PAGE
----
Eating an epic meal at one of the city’s premiere dining destinations is always an enjoyable event, but when you sit down to that meal with the world-class chef who prepared it, the experience becomes unforgettable. I had the recent pleasure of dining with Chef Sean Thomas on a memorable Friday evening in the Mission, as I savored some of the dishes that he crafts with artful precision at The Blue Plate (3218 Mission Street)
This superb enclave for New-American dining has the cozy feel of an elegant townhouse. When you step inside you are immediately enchanted by wooden facades, delicate displays of modern art hanging from the walls, and the tranquil and verdant outdoor garden which constantly beckons your attention while you scan the interior. But you’re here to eat and The Blue Plate has its priorities straight as the kitchen sits front and center, located right next to the entrance.
It’s impossible not to notice Executive Chef Sean Thomas hard at work, preparing the meticulously-engineered menu which changes daily. In order to stay one of the Mission’s most desirable restaurants for over 13 years you have to keep the people happy. And The Blue Plate, of course, has something for everyone. Although many associate the place with high-end comfort food, like their masterful Mac n’ Cheese, gourmet Meat Loaf and positively addictive southern Fried Chicken, they offer a cornucopia of flavors that goes well beyond pedestrian fare.
Thomas received his pedigree from New York’s prestigious WD-50, a restaurant renowned for its imaginative use of molecular gastronomy. The accomplished chef has taken some of his expertise across the cost to the Mission, but here he makes the food much more accessible. Of course there is a ‘wow’ factor to everything that rolls out of the kitchen here, using gourmet gadgets like immersion circulators and dehydration machines. However, the dishes beg to be eaten, not gawked at with unnecessary pretention.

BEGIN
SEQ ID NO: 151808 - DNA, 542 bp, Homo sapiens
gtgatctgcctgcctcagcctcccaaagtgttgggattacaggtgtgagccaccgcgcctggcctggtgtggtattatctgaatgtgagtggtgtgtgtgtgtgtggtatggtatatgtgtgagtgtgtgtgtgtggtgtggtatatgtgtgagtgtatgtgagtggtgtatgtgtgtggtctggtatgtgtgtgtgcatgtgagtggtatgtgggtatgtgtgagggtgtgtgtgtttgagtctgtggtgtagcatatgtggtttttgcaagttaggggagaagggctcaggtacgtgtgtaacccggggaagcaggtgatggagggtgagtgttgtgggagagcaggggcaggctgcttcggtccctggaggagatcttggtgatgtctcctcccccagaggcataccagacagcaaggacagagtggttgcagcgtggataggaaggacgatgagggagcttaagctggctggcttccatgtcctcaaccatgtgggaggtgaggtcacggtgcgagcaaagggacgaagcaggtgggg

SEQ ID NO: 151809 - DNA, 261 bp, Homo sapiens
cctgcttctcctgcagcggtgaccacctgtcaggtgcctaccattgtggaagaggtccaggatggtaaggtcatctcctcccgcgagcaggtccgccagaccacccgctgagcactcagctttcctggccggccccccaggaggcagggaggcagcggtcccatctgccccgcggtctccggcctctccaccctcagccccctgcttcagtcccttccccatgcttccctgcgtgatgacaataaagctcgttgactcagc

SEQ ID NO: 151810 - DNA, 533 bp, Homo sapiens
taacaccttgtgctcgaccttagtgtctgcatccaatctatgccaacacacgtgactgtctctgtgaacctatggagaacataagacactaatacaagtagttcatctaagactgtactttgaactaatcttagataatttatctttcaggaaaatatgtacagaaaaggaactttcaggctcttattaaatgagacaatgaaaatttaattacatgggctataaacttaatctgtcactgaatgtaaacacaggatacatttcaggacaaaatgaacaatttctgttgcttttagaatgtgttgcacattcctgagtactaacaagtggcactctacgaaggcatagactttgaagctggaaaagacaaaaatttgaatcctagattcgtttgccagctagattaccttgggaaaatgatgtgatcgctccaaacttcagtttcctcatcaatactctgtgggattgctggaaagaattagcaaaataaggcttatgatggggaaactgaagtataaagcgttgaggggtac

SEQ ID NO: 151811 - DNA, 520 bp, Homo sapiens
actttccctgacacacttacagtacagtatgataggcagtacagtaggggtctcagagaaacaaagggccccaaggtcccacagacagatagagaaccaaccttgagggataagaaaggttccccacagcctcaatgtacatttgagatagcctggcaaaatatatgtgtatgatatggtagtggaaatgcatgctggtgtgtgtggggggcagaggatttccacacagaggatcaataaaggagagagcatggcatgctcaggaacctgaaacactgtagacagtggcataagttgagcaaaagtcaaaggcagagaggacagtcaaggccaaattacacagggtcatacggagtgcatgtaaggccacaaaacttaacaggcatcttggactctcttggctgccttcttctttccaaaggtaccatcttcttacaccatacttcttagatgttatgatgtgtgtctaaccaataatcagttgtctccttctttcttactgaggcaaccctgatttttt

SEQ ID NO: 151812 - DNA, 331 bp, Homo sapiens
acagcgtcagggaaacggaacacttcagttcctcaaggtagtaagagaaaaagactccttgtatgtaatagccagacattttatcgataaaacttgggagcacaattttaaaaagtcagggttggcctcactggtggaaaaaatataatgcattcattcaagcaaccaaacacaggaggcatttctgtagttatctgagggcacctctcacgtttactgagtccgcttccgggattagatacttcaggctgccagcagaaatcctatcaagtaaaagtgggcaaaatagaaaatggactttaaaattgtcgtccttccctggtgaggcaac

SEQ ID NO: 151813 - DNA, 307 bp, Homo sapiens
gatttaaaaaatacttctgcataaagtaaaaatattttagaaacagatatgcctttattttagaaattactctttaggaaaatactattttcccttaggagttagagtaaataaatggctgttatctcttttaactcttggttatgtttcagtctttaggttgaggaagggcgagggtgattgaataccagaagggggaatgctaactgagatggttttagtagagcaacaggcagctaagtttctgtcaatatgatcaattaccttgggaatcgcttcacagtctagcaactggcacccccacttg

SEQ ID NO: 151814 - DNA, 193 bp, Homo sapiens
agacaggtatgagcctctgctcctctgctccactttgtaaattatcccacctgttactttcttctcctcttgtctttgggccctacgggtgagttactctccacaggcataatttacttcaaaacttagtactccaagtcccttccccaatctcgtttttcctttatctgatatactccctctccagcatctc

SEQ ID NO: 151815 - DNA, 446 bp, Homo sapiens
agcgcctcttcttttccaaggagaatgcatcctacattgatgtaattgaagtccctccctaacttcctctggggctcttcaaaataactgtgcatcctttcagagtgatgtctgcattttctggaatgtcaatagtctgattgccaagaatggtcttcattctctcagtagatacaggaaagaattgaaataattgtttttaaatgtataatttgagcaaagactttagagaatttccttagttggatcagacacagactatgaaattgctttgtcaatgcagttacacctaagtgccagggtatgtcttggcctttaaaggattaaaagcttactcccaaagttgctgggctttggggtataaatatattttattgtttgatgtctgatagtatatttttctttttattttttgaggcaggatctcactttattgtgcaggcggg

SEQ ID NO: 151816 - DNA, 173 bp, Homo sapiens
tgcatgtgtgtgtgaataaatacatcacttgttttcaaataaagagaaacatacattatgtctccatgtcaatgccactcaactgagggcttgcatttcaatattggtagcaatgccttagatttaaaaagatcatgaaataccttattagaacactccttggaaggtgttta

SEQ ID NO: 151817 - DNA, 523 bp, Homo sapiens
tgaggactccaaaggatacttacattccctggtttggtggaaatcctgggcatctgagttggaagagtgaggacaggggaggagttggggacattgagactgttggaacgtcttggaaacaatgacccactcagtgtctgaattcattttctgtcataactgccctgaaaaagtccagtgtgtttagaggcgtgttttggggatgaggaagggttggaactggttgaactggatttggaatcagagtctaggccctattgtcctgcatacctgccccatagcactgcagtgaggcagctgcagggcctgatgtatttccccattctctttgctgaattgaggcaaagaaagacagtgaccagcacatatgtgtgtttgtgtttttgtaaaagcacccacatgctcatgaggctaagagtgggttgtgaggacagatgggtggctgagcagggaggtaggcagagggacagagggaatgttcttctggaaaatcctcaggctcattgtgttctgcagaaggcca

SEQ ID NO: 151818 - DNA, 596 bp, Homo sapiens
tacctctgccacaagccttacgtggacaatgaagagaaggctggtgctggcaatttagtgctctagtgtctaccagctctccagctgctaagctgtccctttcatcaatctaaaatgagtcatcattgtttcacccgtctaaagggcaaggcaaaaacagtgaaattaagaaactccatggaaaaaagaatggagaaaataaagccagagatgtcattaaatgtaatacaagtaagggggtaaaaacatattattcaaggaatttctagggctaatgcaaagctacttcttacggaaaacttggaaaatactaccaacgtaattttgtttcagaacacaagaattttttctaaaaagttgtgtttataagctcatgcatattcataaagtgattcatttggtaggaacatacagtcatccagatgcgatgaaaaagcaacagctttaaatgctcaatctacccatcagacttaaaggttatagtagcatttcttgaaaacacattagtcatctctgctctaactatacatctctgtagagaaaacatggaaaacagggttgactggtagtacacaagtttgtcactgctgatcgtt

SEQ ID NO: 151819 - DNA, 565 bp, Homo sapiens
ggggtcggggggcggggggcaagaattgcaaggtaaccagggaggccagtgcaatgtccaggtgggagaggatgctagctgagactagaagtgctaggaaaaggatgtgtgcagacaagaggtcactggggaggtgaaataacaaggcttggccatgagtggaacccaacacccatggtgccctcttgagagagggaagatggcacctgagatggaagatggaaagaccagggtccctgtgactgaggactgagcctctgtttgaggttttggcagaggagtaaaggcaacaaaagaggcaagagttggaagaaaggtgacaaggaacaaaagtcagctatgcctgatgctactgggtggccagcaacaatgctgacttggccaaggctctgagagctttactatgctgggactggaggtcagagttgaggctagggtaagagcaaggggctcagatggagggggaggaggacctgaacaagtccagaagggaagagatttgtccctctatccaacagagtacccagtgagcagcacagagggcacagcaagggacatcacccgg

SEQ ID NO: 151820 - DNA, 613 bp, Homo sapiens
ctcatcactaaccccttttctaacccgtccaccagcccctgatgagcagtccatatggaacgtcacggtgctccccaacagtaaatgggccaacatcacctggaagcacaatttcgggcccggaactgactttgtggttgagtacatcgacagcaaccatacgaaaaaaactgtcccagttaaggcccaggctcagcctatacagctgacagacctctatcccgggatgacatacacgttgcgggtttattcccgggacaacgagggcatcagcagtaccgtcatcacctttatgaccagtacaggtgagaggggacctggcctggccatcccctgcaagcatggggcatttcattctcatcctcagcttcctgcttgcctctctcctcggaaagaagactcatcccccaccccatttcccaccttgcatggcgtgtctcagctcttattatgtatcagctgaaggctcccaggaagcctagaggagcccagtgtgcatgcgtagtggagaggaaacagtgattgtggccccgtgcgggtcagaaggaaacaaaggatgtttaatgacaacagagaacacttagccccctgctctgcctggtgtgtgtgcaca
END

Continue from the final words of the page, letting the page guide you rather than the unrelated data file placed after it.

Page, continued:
And that’s certainly not to say that the delicate balance of flavors aren’t extraordinarily precious. I began my meal by diving in to the Spring Lamb Ravioli–a magical medley of housemade Italian pasta dumplings wrapped around supply-ground meat, melting in the mouth with tones of umami, light on the gamey flavor that I usually associate with lamb. Fava beans, pickled baby fennel and shavings of baby carrot all added to the affair, injecting chunky dollops of roots and licorice into the mix. The hearty, earthy flavors were emboldened by the complex tartness of Haden Fig’s 2010 organic Pinot Noir from the Willamette Valley.
Working backwards, I made my way to a few appetizers–both of equal magnificence, while Chef Thomas walked me through their impressive intricacies. The House-Made Ricotta, impossibly light and fluffy, like biting into a cloud, was accompanied by slow-cooked artichokes, fennel pollen and a true carnivores delight: boudin noir. Blood Sausage typically isn’t for everyone, with it’s strong and often rusty characteristics. Yet this example defied the conventions, it was at once delicate in flavor and perfect in texture. The mixture of the dairy with the meat was so mellifluous that you wanted to make sure to get a little bit of both onto each forkful. Any fuller-bodied Cabernet would wash down these flavors with ease. Chef Thomas beamed with vicarious delight as he observed my unabashed satisfaction at his culinary creations.
At last I arrived at the Grilled Local Sardines, prepared with a succulent linguiça sausage and grilled radicchio. Much gentler in flavors than many would assume this dish to be, Thomas’ expertise in engineering flavors is fully apparent here as the subtle saltiness of the fish is propped up against the heavier, ham-like profile of the linguiça. Texturally they link up, providing something soft and something sturdy with each bite.
Chef Sean Thomas and his crew at The Blue Plate are experts at what they do. Having the privilege to sit down with him as he humanized the preparation of all these masterful arrangements was truly an honor. Any evening spent here is guaranteed to be supremely satisfying, and because their menu changes so frequently you’re going to get something different every time you come. The one thing you can count on to remain the same: night in and night out, Chef Thomas nails it.